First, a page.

Ali Greenleaf and Blythe Jensen couldn’t be more different. Ali is sweet, bitingly funny, and just a little naive. Blythe is beautiful, terrifying, and the most popular girl in school. They’ve never even talked to each other, until a party when Ali decides she’ll finally make her move on Sean Nessel, her longtime crush, and the soccer team’s superstar. But Sean pushes Ali farther than she wants to go. When she resists–he rapes her.
Blythe sees Ali when she runs from the party, everyone sees her. And Blythe knows something happened with Sean, she knows how he treats girls. Even so, she’s his best friend, his confidant. When he begs her to help him, she can’t resist.
So Blythe befriends Ali in her attempt to make things right with Sean, bringing Ali into a circle of ruthless popular girls, and sharing her own dark secrets. Despite the betrayal at the heart of their relationship, they see each other, in a way no one ever has before.
In her searing, empowering debut novel, Hayley Krischer tells the story of what happened that night, and how it shaped Ali and Blythe forever. Both girls are survivors in their own ways, and while their experiences are different, and their friendship might not be built to last, it’s one that helps each of them find a way forward on their own terms.
Thanks to the The Nerd Daily and the publisher for offering me the chance to read this book ahead of its release! You can also find my review on The Nerd Daily here.
Hayley Krischer’s raw debut deals with so many important subjects such as sexual assault, drug abuse, alcohol abuse, mental illness, manipulation, and toxic friendships. The nuanced story focuses on Ali Greenleaf’s empowering journey of finding her voice and coping with the trauma after being raped by her crush, but then also on Blythe Jensen who befriends Ali in order to manipulate her into staying silent. Ali is a vibrant, artistic junior who prefers to stay in the background while Blythe is the most popular girl at her school; she’s described as perfect and everyone at their school wants to be like her. Their friendship is strange and not only because of how different they are in terms of popularity or interests, but also because despite Blythe’s motivation and Ali being slightly aware of it – they manage to connect on a deeper level. Ali sees past Blythe’s facade of ice queen, she truly sees her, not as the superficial popular girl, but the vulnerable, often angry at the world for putting too much pressure on her teenager that hides beneath. They connect as they share stories about their strained relationships with their mothers (Blythe’s mother has bipolar disorder and Ali’s mother is a recovering alcoholic) and soon, Ali understands that her and Blythe aren’t as different as she imagined at first.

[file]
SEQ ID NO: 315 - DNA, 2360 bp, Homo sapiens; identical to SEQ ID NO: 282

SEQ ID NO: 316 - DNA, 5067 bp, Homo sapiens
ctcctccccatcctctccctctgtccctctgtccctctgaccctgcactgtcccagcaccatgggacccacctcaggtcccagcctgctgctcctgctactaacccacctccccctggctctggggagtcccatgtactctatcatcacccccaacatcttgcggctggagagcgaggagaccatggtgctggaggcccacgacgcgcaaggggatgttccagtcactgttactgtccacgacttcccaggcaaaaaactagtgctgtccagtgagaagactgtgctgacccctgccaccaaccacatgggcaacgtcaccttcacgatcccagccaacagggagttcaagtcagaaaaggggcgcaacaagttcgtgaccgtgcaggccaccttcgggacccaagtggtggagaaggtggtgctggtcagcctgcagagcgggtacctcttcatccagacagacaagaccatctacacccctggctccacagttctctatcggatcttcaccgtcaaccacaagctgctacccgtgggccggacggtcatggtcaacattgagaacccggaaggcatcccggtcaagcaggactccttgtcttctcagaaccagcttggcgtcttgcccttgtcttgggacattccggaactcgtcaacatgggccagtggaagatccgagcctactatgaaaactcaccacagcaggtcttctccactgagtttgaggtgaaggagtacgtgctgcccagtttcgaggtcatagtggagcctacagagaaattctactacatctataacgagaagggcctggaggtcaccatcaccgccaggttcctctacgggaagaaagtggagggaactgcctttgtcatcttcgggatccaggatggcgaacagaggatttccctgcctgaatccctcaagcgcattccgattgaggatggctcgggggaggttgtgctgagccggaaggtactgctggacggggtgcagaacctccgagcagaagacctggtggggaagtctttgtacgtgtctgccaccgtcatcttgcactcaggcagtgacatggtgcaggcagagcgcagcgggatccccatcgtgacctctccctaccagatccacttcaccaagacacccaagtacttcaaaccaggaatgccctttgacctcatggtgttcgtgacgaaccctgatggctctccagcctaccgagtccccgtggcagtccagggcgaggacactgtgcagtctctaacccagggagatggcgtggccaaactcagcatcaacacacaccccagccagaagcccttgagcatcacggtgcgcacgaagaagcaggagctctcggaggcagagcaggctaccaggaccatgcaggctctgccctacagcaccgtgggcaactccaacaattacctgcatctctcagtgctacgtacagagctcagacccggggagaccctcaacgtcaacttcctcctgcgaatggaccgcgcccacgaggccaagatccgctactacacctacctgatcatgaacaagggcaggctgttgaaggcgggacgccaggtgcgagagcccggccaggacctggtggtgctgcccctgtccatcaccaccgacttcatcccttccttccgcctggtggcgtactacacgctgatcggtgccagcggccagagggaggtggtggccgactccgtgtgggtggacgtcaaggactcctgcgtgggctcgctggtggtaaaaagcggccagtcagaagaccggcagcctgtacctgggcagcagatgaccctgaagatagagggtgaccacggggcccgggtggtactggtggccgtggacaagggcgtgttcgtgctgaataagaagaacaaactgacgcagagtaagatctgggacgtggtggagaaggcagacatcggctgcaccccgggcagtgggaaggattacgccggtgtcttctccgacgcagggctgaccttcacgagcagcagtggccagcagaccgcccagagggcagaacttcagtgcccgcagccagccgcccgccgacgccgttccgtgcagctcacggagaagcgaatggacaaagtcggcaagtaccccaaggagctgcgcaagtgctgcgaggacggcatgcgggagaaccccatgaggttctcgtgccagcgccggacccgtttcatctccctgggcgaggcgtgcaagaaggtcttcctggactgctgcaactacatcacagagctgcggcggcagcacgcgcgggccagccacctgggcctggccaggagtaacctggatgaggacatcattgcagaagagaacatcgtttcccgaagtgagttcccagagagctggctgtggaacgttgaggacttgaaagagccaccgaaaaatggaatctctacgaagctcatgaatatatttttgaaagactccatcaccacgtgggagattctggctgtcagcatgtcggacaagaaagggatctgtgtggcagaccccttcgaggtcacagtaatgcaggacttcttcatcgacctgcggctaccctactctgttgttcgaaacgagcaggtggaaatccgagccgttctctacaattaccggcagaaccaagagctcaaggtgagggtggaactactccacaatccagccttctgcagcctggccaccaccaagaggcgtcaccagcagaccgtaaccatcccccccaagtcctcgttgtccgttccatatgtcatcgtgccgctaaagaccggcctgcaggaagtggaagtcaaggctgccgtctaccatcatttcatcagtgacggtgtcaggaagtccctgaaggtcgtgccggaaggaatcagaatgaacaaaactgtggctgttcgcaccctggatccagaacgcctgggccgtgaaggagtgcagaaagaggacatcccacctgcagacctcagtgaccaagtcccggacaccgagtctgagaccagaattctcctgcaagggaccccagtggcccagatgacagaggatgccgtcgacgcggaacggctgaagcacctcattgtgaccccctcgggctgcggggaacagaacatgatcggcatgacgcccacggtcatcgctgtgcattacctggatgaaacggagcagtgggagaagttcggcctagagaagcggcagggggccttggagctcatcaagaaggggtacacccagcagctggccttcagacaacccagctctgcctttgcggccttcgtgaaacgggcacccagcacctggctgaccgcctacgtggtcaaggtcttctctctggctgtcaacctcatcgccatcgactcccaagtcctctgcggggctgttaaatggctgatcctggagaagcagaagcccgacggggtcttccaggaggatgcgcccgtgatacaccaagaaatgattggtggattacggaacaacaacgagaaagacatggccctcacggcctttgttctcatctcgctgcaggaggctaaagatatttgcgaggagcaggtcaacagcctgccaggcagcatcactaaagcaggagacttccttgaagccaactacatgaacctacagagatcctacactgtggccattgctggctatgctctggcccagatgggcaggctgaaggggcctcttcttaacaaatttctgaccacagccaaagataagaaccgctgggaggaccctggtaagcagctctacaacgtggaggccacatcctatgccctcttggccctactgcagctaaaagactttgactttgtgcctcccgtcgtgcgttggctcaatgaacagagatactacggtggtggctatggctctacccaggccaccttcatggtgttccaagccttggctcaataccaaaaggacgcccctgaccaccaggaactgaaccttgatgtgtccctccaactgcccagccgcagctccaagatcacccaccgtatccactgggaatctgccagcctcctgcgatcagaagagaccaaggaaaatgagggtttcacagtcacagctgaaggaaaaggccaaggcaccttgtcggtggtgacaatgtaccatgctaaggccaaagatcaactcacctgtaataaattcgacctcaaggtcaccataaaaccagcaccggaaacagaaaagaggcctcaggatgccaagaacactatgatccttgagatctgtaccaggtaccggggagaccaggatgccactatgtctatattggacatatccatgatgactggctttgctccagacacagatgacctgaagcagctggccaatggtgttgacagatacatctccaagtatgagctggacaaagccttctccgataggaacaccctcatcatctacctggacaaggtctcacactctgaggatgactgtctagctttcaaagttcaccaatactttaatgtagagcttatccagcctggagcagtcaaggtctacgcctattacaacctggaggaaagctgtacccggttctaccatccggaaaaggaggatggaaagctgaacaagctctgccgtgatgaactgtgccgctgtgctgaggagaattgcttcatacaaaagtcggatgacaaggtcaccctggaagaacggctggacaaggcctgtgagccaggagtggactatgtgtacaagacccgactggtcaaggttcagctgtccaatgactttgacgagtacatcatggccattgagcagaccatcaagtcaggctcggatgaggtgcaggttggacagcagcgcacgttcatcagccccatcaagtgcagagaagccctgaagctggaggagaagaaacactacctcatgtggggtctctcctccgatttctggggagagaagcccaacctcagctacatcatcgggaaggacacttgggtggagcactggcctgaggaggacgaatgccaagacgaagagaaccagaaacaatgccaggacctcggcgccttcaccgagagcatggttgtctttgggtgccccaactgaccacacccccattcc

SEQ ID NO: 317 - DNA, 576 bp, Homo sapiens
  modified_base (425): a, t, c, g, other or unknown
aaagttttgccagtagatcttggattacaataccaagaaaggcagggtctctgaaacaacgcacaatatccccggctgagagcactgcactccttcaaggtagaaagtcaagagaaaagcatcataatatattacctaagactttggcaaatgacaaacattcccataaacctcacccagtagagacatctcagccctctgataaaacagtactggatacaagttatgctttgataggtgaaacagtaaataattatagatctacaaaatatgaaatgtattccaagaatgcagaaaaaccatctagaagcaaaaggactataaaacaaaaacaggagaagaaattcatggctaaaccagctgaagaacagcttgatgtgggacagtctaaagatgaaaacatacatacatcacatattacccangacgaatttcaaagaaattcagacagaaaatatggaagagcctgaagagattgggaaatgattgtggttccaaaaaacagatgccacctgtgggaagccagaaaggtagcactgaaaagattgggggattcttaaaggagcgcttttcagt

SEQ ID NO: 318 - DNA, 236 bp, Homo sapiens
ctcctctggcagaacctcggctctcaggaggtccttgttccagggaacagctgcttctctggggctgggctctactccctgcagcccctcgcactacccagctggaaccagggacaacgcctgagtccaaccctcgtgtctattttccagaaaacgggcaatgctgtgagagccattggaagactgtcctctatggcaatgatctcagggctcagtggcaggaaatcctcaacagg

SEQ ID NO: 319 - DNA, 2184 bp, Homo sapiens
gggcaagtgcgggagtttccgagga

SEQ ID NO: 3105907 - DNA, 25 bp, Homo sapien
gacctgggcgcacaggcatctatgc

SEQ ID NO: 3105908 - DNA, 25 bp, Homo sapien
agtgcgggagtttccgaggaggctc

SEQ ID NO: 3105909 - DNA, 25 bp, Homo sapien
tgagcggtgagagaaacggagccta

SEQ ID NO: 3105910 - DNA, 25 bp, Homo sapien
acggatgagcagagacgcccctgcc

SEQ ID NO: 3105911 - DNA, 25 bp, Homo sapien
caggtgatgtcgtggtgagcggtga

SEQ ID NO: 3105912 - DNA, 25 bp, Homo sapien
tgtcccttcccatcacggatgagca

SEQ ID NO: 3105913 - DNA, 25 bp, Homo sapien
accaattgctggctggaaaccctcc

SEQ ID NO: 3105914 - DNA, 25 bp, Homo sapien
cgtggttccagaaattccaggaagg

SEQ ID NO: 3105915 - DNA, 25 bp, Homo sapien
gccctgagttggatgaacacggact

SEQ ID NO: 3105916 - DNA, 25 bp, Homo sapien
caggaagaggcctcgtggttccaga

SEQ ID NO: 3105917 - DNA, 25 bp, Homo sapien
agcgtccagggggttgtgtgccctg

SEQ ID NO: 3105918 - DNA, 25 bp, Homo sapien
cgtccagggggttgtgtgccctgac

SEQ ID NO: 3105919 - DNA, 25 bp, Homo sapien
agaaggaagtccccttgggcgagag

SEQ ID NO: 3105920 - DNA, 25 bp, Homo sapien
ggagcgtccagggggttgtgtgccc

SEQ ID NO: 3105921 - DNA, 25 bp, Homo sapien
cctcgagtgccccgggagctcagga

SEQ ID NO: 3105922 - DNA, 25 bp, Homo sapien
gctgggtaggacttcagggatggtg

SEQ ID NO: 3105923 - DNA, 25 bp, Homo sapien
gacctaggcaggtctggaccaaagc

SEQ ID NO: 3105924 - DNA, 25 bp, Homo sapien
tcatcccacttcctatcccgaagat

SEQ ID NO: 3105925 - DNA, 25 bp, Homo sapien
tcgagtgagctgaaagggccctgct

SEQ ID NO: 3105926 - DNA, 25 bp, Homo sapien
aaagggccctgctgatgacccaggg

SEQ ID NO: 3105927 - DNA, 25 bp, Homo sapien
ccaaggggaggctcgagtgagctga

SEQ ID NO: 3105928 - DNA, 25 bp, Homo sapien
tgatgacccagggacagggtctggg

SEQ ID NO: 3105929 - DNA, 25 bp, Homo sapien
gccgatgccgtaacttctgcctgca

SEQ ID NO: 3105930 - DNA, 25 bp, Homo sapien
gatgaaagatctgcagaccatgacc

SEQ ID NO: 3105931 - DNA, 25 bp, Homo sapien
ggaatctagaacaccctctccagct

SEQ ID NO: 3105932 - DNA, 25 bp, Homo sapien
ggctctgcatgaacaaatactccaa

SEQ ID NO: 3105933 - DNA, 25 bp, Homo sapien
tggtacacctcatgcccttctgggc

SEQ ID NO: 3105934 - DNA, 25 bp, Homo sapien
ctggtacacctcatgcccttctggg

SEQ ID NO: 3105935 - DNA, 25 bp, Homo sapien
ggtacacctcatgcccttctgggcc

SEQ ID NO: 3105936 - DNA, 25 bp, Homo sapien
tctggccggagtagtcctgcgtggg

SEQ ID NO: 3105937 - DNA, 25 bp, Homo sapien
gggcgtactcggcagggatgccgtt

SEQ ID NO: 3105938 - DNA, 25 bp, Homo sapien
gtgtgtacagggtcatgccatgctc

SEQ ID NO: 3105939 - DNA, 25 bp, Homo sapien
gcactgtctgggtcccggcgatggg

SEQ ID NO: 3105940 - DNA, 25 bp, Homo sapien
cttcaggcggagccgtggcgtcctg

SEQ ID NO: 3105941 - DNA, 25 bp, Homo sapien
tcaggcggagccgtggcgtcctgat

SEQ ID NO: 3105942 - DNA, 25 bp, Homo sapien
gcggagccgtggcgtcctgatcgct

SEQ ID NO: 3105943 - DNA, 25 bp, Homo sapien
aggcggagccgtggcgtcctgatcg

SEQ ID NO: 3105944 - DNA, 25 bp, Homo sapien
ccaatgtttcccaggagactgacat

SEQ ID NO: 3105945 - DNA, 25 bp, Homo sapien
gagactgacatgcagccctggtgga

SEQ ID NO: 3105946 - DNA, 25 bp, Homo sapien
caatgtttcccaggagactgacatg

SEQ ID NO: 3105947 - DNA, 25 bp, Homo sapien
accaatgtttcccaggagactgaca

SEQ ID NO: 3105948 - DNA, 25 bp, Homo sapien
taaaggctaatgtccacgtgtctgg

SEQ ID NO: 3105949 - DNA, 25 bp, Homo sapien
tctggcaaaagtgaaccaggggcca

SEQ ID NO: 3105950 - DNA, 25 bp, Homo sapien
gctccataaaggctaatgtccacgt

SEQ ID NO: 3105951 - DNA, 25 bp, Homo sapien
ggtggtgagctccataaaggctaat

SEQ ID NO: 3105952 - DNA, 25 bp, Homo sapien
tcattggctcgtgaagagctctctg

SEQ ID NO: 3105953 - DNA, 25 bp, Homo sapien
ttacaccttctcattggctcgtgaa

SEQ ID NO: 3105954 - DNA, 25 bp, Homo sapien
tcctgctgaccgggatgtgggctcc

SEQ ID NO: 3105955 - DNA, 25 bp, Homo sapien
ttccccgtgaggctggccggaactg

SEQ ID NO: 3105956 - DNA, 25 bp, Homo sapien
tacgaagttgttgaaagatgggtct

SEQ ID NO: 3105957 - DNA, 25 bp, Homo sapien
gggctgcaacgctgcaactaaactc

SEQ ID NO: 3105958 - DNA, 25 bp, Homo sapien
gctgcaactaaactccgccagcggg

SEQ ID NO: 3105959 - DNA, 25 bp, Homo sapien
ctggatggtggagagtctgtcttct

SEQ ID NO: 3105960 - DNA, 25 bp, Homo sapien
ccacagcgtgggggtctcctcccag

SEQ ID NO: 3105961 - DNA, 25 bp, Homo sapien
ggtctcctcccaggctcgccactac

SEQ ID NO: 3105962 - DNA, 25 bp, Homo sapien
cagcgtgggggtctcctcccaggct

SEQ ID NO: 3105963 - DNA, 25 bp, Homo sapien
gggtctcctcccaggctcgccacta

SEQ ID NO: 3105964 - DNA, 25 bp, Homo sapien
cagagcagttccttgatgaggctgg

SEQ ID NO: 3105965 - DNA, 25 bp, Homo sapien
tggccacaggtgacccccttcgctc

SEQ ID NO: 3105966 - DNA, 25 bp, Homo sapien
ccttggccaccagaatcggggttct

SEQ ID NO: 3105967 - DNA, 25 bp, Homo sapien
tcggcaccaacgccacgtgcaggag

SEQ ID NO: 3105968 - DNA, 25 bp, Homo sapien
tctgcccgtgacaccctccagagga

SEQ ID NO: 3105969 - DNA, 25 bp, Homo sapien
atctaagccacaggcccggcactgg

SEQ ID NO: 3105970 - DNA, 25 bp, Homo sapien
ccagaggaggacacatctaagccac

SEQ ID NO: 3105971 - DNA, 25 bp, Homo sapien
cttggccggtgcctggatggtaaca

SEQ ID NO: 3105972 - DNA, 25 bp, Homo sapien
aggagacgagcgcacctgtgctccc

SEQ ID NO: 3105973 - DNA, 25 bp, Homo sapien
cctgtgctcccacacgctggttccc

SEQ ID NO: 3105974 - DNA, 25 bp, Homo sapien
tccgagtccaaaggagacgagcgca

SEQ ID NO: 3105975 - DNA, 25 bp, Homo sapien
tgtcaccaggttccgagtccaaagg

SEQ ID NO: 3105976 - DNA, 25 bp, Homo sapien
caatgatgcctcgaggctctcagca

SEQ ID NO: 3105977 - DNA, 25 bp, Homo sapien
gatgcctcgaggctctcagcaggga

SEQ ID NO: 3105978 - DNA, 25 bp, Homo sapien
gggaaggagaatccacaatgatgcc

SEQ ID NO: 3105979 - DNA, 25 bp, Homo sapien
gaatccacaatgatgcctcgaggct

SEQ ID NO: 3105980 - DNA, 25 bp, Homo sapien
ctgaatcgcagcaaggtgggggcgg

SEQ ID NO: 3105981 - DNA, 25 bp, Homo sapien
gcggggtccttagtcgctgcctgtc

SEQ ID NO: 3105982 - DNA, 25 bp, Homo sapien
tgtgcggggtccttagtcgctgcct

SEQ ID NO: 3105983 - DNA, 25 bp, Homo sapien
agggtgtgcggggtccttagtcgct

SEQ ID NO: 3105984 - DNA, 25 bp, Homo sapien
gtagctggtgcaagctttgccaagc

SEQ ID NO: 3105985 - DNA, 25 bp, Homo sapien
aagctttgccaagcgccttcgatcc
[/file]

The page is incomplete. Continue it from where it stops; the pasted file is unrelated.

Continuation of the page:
Something Happened to Ali Greenleaf explores the aftermath of Ali’s rape focusing on the psychological effects, the way rape culture affects victims, how it can make them blame themselves and be less inclined to report it as well, and the ways survivors can find their voices and feel empowered. Krischer also made some great points about how toxic high school environments can make it even harder for girls to feel safe and supported enough to report a sexual abuse. These environments tend to normalise sexual violence, blame the victims for how they were dressed or for drinking too much, some go as far as accusing the victim for trying to ruin the abuser’s life – anything to make them feel ashamed and guilty.
Besides the important discussions on rape culture, victim blaming, and empowering of the survivors, there was something very original about the book and that’s Blythe’s perspective. What the author did with Blythe’s perspective was quite fascinating as in real life, people like her rarely get to talk about their motivation, what pushes them to make excuses for a rapist or an abuser. Reading her part of the story made me uncomfortable at times because even though she was obviously in denial about her own trauma and was heavily manipulated by Sean, her best friend and Ali’s rapist, and there were times when I thought she should have known better. Even after understanding the magnitude of everything Sean had done to Ali, she still did some awful things only to defend her reputation and that was inexcusable. That being said, her character was very complex and multi-dimensional, which means you can’t say that she’s all good or all bad. She’s someone with a lot of luggage, that made questionable decisions again and again, but she’s also someone who seems to want to change for the better by the end of the book.
The book also tried to address issues like drug and alcohol abuse, but the discussion wasn’t as nuanced and it felt at times like an afterthought. The fast switch between the two perspectives was disorientating at times and from time to time, especially during crucial moments, the perspectives were too short to get their point across. The secondary characters weren’t developed enough, they rarely had background stories and their personalities were quite simplistic especially when compared to Ali and Blythe.
The readers will surely appreciate the resources and the trigger warnings that the author had provided and how thoughtfully she tackles the sensitive subjects included in her book. Her note at the end of the book is especially powerful and explains very well why a story like this one needed to be written, why it’s so relevant and why it will always be. Something Happened to Ali Greenleaf will impress its readers with its authenticity and rawness. It’s an intense and emotional story with multifaceted protagonists that won’t be easy to forget.
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